The deep seated corruption at the heart of populist government

Posted on

The FT has reported President Obama as saying last night that:

This administration has shown it will tear our democracy down if that’s what it takes to win.

Evidence to support this hypothesis has been reported. But I am not commenting on the US election by noting what Obama said. What I am interested in is the growing belief that the rules do not matter any more.

The evidence for this is widespread.

Cummings, Gove and Johnson give contracts for hundreds of millions to their friends without a tendering process.

Matt Hancock tears down a public entity employing thousands without consultation or parliamentary consent and appoints a friend with a long record of failure to head its replacement.

Priti Patel posts tweets regretting the death of a 16 year old refugee in the English Channel but continues to send gunboats and demonise those desperate people who try to make that crossing.

The Daily Mail does nothing to stop those gloating about his death.

And the Chancellor intends to end furlough support for those who might be unemployed and smaller businesses whilst continuing programmes to support the City.

Do they think we don’t notice?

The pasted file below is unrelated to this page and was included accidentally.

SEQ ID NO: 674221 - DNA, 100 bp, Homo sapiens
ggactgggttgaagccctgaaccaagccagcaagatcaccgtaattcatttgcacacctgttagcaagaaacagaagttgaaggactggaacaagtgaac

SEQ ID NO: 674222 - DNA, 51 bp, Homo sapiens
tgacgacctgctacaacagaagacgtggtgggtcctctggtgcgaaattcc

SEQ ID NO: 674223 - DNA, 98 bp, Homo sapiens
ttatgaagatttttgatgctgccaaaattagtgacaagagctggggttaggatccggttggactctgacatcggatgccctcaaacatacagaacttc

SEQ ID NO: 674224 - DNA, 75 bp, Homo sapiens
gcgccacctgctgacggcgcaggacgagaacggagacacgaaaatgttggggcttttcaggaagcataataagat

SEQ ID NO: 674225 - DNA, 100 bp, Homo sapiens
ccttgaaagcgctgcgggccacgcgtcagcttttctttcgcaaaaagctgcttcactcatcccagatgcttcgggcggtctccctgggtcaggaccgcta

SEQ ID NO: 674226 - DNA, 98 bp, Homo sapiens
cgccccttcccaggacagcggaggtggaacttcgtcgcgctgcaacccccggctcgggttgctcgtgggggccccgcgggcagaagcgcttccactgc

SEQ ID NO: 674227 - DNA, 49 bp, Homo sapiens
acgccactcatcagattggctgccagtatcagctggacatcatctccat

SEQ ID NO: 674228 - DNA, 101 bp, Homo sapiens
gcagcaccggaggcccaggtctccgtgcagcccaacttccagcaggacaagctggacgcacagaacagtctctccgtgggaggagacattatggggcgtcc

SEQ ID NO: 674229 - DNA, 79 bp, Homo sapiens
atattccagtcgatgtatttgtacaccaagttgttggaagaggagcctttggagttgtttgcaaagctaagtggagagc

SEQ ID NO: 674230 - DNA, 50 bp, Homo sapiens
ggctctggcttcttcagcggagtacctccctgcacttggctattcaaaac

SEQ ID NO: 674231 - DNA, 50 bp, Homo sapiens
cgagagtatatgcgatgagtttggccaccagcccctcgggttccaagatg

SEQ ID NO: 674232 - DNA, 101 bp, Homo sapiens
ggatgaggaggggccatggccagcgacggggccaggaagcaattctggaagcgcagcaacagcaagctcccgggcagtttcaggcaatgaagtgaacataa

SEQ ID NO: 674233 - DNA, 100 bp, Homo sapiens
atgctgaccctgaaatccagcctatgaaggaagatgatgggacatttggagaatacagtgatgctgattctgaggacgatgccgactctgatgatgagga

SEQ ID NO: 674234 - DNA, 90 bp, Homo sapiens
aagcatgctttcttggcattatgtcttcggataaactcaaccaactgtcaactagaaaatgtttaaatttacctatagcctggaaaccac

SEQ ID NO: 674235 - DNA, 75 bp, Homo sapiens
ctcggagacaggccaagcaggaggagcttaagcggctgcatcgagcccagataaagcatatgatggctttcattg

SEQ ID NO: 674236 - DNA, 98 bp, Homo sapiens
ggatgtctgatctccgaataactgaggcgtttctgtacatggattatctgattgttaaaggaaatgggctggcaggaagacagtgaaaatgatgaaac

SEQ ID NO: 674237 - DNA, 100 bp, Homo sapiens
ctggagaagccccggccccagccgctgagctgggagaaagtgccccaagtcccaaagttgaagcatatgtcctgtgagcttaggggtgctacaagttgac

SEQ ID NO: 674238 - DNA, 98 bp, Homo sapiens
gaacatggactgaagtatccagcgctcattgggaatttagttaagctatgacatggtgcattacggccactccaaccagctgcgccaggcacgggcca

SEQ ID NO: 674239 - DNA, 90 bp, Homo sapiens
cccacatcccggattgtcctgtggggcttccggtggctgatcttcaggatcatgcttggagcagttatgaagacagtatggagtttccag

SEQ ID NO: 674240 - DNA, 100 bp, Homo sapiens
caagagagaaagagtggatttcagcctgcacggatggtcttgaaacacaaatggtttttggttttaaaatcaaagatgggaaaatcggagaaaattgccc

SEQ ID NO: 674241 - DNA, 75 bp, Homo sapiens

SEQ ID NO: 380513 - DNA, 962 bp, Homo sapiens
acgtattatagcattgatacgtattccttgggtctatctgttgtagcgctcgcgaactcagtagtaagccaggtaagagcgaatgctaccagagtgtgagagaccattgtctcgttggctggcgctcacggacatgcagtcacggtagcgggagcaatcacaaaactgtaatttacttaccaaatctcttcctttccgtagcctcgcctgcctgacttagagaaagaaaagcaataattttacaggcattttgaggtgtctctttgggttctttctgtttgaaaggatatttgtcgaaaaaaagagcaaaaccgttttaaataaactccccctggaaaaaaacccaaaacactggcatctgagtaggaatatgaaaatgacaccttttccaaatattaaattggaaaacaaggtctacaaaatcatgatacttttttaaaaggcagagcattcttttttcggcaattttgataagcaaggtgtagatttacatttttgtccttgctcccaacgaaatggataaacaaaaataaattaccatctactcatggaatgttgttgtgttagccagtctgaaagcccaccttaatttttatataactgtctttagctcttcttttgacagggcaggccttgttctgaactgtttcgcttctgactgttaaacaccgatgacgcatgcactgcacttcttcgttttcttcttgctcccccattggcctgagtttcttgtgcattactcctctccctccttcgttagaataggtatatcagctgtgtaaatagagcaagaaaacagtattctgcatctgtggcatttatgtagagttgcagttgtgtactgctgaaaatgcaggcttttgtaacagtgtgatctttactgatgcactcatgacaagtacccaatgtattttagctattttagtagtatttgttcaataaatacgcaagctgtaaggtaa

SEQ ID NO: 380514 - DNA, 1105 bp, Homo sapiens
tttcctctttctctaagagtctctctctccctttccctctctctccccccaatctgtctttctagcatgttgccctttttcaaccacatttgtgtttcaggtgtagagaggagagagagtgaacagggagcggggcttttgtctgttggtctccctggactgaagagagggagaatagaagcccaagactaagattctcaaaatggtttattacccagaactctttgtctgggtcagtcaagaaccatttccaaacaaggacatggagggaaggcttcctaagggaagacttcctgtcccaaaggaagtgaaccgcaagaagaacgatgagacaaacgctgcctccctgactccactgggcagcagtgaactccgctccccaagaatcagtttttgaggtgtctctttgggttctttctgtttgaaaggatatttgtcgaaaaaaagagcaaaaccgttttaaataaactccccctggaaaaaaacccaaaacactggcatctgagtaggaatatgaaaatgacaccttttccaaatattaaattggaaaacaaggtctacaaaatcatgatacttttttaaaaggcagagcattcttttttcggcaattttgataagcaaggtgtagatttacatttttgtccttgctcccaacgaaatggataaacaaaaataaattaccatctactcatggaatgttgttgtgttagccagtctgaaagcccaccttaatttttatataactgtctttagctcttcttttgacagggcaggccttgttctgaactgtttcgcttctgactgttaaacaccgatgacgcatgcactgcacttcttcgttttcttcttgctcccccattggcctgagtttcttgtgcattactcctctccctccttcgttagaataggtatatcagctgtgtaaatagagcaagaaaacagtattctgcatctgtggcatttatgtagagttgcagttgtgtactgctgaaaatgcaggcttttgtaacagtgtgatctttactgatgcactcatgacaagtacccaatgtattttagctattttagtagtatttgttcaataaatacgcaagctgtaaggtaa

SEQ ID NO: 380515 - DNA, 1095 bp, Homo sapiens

Is it that they think there are enough gloaters in the Mail to get them re-elected, because they are undoubtedly real?

Or have they been so corrupted by neoliberal thinking that the means do not matter any more, and only the end does?

I cannot answer those questions. that is because I cannot comprehend mindsets that think as these people do. It’s not just that their lack of ethics and empathy repulse me, it is their greed and indifference based in a sense of wholly unjustified entitlement that I cannot understand.

And yet I know this is the issue we must face. In the face of blatant corruption, in the sense of the distortion of all that we have thought to be appropriate in public life, we have to make clear why standards matter. And given the deep seated nature of that corruption now that is going to be hard.